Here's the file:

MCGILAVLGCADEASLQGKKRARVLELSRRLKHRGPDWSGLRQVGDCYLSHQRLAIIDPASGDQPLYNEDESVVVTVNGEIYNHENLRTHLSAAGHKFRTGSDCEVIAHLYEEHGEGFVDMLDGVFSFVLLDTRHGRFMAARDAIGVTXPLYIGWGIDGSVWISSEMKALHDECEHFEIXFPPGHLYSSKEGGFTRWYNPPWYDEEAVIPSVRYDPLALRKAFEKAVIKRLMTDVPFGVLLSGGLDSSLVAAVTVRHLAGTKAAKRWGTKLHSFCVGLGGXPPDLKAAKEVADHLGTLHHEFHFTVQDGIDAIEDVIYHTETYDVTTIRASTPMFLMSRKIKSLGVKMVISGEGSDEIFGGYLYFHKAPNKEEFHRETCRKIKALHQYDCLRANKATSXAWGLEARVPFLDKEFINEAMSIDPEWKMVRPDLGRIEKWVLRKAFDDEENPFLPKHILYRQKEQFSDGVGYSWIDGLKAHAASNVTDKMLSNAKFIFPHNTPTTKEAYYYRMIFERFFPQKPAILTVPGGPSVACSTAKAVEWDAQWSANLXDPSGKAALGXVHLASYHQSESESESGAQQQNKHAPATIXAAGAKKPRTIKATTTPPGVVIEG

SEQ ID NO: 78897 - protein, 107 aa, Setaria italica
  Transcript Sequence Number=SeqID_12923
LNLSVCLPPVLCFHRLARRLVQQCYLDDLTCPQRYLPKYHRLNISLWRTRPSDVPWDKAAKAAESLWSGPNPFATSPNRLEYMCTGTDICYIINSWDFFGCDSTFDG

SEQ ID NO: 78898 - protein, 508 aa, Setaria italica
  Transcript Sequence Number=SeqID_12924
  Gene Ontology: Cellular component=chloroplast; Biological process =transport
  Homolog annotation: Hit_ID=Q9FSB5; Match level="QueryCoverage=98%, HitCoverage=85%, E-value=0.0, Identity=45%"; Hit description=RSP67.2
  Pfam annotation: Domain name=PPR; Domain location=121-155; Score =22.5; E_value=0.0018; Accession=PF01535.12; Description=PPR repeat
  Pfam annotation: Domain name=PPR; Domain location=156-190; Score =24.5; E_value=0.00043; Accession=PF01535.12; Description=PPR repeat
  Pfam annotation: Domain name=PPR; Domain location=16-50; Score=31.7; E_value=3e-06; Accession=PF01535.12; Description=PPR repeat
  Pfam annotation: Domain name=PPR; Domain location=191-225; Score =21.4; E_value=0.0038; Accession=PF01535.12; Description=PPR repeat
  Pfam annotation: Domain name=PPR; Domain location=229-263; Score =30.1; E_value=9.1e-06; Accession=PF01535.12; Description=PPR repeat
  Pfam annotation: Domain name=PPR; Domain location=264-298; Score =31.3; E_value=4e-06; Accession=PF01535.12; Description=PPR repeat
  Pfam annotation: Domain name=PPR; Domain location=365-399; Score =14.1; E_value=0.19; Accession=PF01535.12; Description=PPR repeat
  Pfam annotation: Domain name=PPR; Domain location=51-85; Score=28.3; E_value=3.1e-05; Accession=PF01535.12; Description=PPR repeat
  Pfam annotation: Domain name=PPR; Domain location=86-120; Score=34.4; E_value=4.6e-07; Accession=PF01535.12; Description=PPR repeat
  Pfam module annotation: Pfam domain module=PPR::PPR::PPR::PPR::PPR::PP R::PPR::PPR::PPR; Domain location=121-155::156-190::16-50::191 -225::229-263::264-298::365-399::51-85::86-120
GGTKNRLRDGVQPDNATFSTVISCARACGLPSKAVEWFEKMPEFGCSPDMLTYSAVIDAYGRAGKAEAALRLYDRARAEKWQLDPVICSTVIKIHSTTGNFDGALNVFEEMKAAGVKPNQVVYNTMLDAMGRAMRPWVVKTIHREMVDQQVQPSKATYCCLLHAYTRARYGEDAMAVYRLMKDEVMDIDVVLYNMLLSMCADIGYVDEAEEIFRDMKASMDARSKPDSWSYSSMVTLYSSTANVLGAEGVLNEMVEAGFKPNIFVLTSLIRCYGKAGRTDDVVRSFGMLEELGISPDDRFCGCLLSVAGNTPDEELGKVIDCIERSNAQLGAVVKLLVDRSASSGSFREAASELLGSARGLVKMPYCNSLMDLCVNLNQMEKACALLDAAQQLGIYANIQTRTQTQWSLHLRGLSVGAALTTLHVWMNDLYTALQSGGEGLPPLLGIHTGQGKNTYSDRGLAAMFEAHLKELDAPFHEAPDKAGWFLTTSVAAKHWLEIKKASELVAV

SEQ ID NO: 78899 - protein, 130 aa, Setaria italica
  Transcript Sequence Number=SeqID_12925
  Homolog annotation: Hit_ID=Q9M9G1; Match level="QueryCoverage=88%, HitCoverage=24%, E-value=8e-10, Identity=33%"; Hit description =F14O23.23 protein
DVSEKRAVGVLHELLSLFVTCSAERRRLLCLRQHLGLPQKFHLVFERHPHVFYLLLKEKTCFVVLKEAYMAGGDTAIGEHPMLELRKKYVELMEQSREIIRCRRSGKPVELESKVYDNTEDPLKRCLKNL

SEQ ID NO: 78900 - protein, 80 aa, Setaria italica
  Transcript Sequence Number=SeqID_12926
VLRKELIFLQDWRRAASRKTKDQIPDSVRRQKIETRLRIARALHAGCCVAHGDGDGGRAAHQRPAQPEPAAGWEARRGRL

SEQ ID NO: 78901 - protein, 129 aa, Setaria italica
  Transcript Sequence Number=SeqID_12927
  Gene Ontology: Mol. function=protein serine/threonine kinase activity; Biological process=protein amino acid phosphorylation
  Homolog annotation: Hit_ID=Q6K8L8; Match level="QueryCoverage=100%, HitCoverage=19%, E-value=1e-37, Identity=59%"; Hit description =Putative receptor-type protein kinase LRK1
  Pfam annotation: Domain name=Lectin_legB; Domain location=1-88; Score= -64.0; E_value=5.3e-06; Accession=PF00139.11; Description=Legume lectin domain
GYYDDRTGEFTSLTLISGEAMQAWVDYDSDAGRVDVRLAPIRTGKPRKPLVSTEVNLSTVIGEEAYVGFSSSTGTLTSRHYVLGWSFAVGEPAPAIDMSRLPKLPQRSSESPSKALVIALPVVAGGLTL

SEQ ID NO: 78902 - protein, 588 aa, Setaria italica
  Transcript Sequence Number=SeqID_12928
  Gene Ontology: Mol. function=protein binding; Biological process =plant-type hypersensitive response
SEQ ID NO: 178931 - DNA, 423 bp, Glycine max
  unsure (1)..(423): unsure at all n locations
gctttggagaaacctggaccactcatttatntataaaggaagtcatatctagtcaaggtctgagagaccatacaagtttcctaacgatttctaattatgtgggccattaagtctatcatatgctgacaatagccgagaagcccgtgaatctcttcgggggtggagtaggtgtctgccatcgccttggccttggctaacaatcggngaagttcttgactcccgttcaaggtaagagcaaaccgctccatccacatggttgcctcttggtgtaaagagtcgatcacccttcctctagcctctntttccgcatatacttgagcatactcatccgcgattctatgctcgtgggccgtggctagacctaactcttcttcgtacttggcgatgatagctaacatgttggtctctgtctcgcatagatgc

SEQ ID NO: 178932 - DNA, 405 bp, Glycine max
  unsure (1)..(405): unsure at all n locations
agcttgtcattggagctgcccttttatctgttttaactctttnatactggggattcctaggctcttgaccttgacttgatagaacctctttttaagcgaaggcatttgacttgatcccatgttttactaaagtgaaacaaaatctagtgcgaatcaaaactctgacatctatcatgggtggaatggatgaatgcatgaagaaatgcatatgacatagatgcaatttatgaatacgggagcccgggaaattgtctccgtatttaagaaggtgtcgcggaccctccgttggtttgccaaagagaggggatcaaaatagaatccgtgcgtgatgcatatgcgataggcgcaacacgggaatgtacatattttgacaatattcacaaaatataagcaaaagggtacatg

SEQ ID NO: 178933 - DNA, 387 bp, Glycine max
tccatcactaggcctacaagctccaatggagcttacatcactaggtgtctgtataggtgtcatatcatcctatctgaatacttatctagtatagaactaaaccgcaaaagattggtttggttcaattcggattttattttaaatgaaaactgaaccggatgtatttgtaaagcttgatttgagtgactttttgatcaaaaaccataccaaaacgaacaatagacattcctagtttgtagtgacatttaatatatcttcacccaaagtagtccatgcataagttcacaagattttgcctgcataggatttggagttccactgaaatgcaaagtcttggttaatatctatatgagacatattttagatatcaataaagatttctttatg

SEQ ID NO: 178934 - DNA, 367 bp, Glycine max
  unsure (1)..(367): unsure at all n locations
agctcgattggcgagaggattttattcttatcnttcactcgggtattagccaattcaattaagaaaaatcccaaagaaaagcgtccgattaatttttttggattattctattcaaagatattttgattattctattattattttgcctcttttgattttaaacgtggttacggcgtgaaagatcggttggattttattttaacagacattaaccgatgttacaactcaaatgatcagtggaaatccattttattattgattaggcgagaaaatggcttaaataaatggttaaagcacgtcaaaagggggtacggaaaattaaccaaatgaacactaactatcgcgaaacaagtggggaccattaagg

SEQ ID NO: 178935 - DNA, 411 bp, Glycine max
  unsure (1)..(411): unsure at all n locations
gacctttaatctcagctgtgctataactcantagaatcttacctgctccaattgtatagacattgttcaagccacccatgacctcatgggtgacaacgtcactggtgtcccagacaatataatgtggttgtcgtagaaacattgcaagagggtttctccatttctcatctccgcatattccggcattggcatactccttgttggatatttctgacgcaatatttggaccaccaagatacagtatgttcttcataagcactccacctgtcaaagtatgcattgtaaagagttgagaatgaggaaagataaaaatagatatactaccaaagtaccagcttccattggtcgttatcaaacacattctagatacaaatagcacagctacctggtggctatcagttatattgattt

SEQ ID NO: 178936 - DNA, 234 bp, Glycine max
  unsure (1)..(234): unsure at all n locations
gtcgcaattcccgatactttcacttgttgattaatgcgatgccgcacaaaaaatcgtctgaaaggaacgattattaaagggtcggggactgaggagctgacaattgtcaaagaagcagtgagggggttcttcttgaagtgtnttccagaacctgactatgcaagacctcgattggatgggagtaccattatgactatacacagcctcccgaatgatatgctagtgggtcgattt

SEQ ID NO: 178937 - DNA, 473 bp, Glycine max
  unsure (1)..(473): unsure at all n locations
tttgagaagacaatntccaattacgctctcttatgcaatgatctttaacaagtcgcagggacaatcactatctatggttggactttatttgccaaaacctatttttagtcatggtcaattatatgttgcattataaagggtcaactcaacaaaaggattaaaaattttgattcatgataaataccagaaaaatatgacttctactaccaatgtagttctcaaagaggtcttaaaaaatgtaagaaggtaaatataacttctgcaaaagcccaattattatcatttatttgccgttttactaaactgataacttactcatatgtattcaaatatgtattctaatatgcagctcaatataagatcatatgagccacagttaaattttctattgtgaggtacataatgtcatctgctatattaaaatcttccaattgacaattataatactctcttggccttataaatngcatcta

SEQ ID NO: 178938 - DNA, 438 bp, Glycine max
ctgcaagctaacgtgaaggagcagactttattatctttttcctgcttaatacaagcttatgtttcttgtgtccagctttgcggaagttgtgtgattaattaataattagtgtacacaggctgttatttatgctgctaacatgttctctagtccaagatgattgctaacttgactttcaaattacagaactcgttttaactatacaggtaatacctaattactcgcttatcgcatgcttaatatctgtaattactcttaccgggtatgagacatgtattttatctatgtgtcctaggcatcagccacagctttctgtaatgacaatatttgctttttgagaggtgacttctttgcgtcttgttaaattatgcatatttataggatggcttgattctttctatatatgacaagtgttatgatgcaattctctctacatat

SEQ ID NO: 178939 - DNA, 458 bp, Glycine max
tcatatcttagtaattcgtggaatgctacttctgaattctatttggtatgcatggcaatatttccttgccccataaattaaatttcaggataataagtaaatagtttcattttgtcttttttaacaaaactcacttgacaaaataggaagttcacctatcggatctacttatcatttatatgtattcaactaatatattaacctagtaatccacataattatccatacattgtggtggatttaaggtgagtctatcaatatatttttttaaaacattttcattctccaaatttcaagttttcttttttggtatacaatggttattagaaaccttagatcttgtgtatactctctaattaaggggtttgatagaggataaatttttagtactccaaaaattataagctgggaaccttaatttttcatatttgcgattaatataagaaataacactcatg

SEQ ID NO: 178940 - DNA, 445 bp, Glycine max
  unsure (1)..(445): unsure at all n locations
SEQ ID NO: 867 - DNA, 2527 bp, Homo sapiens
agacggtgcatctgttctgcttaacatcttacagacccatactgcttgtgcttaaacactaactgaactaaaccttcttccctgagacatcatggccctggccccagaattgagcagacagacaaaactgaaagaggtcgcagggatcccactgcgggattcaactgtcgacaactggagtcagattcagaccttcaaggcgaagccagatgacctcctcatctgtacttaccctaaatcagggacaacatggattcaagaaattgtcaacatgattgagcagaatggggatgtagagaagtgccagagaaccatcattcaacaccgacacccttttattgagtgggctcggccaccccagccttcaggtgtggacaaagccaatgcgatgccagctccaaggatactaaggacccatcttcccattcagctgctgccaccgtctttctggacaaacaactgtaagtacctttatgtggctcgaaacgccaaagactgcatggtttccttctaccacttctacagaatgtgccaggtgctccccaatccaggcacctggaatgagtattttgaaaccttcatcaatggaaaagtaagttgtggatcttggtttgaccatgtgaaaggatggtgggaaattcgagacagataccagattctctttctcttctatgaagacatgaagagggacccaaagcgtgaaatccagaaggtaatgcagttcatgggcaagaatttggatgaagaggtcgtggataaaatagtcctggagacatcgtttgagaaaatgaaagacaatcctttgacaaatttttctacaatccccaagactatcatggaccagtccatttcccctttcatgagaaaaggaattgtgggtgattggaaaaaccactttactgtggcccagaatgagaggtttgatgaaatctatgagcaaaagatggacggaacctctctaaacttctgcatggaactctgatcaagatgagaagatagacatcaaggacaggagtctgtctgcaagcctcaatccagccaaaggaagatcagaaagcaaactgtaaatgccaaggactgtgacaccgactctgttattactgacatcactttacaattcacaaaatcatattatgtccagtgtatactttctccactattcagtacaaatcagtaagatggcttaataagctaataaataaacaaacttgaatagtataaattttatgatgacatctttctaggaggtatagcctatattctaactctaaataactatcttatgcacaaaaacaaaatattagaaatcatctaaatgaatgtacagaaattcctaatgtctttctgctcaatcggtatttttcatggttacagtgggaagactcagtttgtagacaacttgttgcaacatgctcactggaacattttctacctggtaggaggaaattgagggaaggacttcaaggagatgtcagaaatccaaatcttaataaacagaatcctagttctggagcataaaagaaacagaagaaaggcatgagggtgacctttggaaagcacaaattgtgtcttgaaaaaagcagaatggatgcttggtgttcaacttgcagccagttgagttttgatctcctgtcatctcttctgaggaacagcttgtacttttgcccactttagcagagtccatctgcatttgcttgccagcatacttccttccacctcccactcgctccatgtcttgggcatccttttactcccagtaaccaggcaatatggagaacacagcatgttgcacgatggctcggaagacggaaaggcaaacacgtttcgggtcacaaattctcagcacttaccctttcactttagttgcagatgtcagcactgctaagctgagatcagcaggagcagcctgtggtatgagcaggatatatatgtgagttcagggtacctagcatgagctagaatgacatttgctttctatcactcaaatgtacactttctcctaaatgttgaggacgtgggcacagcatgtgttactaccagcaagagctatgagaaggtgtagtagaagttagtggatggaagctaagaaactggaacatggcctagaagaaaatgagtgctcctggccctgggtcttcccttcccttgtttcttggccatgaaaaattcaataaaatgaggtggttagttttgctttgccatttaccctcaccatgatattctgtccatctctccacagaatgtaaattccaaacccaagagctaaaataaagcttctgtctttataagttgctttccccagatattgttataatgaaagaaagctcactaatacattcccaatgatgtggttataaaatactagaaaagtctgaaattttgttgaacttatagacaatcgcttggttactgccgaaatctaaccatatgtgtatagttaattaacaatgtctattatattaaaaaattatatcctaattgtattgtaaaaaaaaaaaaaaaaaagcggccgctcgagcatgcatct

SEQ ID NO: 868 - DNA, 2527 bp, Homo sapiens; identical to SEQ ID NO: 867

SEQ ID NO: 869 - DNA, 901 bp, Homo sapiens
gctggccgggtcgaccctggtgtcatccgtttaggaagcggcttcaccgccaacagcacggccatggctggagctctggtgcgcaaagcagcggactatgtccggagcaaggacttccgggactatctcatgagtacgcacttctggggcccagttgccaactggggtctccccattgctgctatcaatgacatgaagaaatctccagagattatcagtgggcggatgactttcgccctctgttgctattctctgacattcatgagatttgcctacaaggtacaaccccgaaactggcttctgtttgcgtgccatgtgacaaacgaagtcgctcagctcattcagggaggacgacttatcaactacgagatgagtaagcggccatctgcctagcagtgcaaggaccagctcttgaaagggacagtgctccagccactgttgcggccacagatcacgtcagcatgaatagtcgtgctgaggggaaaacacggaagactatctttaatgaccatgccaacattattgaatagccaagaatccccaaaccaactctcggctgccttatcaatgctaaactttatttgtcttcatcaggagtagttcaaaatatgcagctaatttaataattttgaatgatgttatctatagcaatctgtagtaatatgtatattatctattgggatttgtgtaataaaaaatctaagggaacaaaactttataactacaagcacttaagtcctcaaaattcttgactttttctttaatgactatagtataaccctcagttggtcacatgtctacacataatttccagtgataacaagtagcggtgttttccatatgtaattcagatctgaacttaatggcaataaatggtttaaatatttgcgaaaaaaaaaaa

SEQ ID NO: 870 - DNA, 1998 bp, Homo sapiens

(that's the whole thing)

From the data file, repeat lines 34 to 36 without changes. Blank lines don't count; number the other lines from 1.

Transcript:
  Transcript Sequence Number=SeqID_12928
  Gene Ontology: Mol. function=protein binding; Biological process =plant-type hypersensitive response
SEQ ID NO: 178931 - DNA, 423 bp, Glycine max